Coat Frozen Chicken Breast With Fat To Keep It Moist And Juicy While Cooking

Frozen chicken breast works great in a pinch, but with the convenience of freezing comes a few inconveniences. Specifically, frozen chicken requires more time to cook than the fresh version, and often results in an adverse texture; chicken that's sat in the freezer for more than two months tends to be less tender than its original self. It therefore runs the risk of becoming too dry — a texture for which there's, luckily, an easy fix. Rather than skimp on juiciness, simply add a form of fat to your post-freezer chicken breasts. A fatty supplement helps revive your poultry with necessary, added moisture, combatting the impact of the freezer.

To pull off this technique, you can brush frozen chicken breasts with a form of fat before baking. Baked chicken, in particular, runs a high risk of drying out, so you'll want to add this coating before popping chicken in the oven. As for what kind of fat works best, the options are relatively wide open. Start with your preferred flavors — or whatever you have on hand — and go from there.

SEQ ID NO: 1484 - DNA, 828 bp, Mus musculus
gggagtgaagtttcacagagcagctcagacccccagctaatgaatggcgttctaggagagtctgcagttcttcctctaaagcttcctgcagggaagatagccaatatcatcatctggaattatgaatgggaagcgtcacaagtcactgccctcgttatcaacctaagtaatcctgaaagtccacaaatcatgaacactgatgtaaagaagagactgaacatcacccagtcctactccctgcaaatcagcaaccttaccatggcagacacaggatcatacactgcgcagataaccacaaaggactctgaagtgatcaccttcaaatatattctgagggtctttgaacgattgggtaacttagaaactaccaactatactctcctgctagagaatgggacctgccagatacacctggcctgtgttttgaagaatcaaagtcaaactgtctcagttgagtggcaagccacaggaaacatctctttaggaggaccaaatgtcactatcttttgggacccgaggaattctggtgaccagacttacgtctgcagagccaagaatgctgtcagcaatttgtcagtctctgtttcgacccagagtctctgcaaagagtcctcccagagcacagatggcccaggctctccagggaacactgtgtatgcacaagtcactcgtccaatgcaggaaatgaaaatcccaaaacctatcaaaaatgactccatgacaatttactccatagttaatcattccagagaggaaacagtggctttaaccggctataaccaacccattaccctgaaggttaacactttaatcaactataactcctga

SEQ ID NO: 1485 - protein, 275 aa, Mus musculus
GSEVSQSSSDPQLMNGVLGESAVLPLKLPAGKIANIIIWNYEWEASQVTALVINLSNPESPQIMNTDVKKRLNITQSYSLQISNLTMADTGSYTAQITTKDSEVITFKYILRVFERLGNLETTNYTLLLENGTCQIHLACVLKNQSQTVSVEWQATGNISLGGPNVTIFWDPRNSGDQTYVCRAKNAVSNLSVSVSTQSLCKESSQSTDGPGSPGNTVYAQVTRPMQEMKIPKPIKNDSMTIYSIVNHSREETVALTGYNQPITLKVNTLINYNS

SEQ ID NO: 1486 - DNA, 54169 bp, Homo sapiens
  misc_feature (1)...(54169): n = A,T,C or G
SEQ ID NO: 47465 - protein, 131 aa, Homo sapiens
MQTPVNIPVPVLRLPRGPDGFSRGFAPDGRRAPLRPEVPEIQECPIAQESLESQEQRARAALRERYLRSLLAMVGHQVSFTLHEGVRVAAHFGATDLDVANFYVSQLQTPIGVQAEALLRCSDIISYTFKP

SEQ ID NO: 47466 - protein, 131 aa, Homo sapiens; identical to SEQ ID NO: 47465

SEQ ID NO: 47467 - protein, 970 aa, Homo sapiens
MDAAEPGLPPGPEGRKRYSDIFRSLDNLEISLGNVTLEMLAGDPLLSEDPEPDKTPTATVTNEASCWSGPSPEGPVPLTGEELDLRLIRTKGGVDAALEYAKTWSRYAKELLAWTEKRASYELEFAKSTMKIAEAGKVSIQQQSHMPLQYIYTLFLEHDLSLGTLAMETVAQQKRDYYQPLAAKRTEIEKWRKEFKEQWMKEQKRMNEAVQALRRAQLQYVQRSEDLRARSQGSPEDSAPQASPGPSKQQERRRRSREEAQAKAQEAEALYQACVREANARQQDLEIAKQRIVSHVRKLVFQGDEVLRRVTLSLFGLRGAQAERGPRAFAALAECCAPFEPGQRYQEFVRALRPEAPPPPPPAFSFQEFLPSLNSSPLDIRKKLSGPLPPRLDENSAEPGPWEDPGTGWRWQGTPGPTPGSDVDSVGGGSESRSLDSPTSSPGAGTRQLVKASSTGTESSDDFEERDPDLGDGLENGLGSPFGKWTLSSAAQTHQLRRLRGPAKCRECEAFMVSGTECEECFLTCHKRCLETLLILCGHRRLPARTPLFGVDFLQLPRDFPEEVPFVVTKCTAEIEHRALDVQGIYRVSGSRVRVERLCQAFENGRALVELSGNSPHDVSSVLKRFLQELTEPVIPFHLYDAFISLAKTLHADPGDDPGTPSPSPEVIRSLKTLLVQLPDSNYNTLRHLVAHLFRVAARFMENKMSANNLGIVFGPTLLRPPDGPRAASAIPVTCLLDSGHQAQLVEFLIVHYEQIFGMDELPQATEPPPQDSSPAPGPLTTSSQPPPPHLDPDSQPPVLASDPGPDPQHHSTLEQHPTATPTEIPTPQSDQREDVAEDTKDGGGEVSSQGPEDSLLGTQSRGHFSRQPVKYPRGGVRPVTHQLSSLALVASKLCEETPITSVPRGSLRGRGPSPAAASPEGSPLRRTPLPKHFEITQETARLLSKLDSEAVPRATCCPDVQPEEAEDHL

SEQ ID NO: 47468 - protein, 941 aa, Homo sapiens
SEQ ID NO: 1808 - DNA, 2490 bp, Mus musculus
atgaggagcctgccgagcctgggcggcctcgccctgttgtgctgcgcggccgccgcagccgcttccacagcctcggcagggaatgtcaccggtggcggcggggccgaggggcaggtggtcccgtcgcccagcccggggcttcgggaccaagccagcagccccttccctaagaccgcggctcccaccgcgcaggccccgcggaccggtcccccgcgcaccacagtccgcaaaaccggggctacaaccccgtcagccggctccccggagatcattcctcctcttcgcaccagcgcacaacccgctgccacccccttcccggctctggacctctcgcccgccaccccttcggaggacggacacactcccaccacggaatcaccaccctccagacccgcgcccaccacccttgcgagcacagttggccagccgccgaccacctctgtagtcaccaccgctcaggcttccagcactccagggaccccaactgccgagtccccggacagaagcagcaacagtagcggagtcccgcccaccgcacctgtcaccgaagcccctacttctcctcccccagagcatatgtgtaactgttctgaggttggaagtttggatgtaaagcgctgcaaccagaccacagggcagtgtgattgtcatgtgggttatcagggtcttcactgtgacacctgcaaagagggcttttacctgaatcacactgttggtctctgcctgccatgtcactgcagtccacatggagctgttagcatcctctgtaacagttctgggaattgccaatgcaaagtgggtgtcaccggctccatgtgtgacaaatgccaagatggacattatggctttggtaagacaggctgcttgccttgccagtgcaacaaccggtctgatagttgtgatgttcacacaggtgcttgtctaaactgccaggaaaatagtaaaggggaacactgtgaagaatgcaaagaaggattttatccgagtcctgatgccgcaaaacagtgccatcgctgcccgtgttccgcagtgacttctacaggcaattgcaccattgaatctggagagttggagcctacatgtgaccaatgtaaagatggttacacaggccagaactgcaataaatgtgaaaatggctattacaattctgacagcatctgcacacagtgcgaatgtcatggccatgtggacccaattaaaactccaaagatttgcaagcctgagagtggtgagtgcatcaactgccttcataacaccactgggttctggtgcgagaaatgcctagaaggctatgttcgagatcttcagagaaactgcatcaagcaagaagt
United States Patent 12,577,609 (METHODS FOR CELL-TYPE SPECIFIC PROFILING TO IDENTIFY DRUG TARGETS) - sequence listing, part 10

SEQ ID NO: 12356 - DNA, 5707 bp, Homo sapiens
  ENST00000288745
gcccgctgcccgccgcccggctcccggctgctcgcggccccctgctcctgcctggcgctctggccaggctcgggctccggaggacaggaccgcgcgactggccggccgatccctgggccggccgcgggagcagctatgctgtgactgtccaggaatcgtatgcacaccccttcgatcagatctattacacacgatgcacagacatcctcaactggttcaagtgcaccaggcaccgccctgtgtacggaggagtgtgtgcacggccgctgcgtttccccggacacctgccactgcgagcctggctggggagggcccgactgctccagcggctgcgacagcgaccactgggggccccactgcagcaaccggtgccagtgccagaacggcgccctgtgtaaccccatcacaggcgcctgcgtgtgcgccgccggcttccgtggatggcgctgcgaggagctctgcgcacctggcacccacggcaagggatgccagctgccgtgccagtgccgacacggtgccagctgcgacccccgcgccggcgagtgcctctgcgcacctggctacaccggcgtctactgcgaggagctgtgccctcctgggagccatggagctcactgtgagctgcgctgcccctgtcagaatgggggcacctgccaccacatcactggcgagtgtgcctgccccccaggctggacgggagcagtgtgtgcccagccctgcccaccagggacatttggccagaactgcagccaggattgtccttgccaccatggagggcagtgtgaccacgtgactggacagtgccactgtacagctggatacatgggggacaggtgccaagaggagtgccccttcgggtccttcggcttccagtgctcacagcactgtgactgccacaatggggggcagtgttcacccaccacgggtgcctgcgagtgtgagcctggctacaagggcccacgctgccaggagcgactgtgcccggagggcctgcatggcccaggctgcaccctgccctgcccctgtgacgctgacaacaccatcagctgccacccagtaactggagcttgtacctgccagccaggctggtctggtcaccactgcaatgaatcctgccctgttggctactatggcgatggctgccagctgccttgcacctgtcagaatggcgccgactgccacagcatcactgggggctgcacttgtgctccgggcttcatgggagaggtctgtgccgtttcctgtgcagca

Coat chicken in everything from oil to mayonnaise to limit dryness

For this trick, you'll need to get your hands or brush dirty — but the result is well worth the fat. Properly and thoroughly coating chicken in something with a high-fat content will preserve the chicken's exterior; the poultry will absorb some of the moisture while the meat cooks to a safe temperature for consumption. For this step, you can incorporate a slew of options. Oil and mayonnaise are common, popular ingredients, as are butter and yogurt. Such fats also tend to comprise marinades — though marinades don't necessarily add moisture to chicken. 

Once you've covered your chicken, you can cook it in a multitude of ways. When baking, aim for a temperature of 425 degrees Fahrenheit for the duration of about half an hour. If you'd rather forgo the oven entirely, you can alternatively use the stovetop, Instant Pot, or air fryer. Frozen chicken doesn't have to limit you, your cooking technique, or your desired flavor. So long as you preemptively add moisture, you may barely taste the difference between frozen and fresh.